Harrisburg, PA – Construction is booming in the capital city. Spurred by government grant money and a large federal infrastructure investment, Harrisburg is entering a renaissance period of development.
In Downtown, Harrisburg University hopes to undertake an ambitious construction project that would expand its academic programs, redraw the city skyline and in some ways reshape the future of the capital city itself.
The new Harrisburg University tower will be located at the corner of Chestnut and South Third streets. Ground breaking should start by late July and be open by summer 2021. The project will now include 17 floors and cost the university about $135 million.
At the train station, a $15 million project includes improvements to the decades-old Harrisburg Transportation Center building. It also includes plans to create retail and commercial space. The money for the project is coming from the state and federal governments. PennDOT says the design is 90 percent complete. It will begin looking for contractors in the summer.
The city has also received an additional $500,000 in grant funding from the U.S. Department of Transportation to repair concrete on the entire length of the city’s historic river walk — 11,000 feet stretching from the Shipoke neighborhood to Maclay Street in Uptown.
In Midtown, Harrisburg officials have been eagerly awaiting the new Federal Courthouse project’s launch, anticipating the economic boost the courthouse is expected to bring to that area of the city.
Plans for the courthouse call for a 243,000-square-foot building with 79 parking spaces on the four-acre tract. There will be eight courtrooms – double the current number – and 11 judges’ chambers.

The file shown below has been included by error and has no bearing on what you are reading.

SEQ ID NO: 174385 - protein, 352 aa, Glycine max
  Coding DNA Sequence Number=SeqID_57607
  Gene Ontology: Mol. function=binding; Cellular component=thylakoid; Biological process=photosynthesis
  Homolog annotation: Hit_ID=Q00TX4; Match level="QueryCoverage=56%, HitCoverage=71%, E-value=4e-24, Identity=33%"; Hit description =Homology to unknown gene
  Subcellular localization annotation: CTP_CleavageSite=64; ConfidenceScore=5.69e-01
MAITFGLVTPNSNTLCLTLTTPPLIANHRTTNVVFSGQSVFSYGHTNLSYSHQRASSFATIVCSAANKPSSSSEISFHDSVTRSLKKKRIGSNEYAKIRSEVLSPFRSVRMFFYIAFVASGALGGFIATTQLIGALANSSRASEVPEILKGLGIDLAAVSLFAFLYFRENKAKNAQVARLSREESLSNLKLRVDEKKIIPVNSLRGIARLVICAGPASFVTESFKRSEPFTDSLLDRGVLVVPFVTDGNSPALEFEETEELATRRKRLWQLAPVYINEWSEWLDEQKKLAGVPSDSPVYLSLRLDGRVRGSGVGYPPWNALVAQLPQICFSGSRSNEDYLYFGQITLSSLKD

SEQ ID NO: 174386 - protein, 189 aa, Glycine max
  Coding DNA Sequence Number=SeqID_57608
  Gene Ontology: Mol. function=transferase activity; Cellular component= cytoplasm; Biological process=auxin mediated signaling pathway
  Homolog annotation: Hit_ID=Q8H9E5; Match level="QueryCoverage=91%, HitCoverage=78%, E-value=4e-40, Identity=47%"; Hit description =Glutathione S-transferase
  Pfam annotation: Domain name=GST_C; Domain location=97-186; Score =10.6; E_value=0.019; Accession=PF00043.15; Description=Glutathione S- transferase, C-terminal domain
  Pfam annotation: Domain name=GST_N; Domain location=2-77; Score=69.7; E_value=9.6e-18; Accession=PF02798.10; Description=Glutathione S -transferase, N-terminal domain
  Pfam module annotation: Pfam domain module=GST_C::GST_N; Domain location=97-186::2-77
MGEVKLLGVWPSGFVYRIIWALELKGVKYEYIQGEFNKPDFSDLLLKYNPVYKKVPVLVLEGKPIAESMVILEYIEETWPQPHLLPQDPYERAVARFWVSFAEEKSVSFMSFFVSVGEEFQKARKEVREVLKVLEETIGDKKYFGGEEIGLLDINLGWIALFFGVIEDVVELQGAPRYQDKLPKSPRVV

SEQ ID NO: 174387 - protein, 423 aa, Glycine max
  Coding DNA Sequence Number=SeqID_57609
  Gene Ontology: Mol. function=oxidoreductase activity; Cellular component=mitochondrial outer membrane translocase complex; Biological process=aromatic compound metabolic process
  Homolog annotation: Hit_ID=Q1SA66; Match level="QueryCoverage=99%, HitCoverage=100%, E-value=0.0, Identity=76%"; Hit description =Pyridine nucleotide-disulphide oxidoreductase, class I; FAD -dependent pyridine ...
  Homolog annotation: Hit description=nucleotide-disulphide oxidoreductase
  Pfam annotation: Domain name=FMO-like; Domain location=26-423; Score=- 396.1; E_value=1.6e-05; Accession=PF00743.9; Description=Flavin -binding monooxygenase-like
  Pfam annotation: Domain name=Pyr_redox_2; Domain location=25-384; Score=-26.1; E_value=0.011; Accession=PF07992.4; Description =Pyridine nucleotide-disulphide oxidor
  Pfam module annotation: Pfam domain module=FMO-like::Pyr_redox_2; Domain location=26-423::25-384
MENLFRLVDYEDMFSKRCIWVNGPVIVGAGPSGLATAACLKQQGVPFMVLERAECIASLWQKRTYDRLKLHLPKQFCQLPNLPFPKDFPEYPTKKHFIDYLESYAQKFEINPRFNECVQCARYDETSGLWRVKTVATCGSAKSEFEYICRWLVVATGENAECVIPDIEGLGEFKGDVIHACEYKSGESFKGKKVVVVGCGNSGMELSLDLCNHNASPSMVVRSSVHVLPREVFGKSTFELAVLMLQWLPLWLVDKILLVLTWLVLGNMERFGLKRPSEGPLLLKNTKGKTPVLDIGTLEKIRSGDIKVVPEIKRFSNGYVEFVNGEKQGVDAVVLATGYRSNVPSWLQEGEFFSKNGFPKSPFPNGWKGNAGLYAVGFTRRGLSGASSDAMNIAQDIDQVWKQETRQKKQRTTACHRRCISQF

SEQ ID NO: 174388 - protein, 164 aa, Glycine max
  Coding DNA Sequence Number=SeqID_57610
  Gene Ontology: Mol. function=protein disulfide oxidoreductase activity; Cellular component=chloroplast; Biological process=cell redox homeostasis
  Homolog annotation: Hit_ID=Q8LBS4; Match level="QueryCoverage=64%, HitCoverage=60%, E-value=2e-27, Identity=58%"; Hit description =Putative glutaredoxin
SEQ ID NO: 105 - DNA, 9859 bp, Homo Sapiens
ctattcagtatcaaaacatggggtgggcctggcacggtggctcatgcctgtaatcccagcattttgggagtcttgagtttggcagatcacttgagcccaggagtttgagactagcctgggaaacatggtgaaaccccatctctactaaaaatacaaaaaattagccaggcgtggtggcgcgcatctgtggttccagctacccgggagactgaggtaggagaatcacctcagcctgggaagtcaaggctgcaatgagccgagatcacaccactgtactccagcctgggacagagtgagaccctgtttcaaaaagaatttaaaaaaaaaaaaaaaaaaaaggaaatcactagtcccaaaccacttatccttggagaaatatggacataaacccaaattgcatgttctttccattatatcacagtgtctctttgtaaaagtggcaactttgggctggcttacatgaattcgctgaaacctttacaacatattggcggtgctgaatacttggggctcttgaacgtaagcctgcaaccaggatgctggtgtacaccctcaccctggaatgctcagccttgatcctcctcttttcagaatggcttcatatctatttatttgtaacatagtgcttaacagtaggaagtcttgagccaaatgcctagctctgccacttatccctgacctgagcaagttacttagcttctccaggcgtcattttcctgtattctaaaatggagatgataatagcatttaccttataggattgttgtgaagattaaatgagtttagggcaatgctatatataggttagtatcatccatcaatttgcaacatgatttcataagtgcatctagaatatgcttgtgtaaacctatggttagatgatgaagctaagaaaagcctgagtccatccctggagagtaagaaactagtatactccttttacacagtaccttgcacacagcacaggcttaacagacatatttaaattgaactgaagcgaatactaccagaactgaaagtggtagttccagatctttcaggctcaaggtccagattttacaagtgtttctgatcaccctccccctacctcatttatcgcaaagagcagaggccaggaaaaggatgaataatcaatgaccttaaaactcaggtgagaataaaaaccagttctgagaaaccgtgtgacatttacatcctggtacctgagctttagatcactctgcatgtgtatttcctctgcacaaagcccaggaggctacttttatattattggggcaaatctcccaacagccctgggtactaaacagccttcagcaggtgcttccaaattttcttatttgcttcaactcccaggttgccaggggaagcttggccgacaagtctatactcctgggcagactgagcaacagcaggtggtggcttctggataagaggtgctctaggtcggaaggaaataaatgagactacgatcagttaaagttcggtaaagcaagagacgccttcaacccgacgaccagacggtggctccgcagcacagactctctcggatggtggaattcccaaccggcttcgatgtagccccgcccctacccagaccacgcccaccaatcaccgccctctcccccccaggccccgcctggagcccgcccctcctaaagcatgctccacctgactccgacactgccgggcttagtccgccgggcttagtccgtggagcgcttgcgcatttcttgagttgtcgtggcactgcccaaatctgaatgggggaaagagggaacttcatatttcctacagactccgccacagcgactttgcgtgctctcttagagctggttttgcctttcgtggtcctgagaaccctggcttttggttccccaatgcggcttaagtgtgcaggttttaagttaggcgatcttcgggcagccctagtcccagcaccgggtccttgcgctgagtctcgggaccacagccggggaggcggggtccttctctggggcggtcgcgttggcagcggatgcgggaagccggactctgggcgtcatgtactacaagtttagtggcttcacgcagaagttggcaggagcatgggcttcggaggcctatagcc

This is an artist’s rendering of the proposed courthouse to be built at 6th & Reily at the intersection of Midtown/ Uptown Harrisburg.
Vartan has held interest in this section of town for decades, and the return on investment may soon be realized.
The executive vice president and general counsel for Vartan Group is predicting that the project will trigger at least $300 million in investment around its site in the city’s Midtown section.
For Harrisburg’s Chestnut Street corridor, the new HU tower would anchor a decade of investment by Harristown Development Corp., which has been redeveloping properties in the South of Market neighborhood, nicknamed SoMA.
The educational space in the tower is slated to accommodate at least 1,000 new students and a health science education center that would serve degree programs in nursing, pharmaceutical sciences and other allied health programs. The university will have classrooms and training space for advanced manufacturing and interactive media programs, the latter fueled by the esports boom at Harrisburg University. Harrisburg-based Reynolds Enterprises Inc. and The Whiting-Turner Contracting Co., based in Baltimore, were hired to support Butler County architect Alex Wing of Stantec on preconstruction plans for the building.
With demand for healthcare professionals growing in central Pennsylvania, the tower could play a huge role in allowing Harrisburg University to fill that void.
The Federal Courthouse project has been more than a decade in planning, and the anticipated construction comes during a boom in development for the capital city.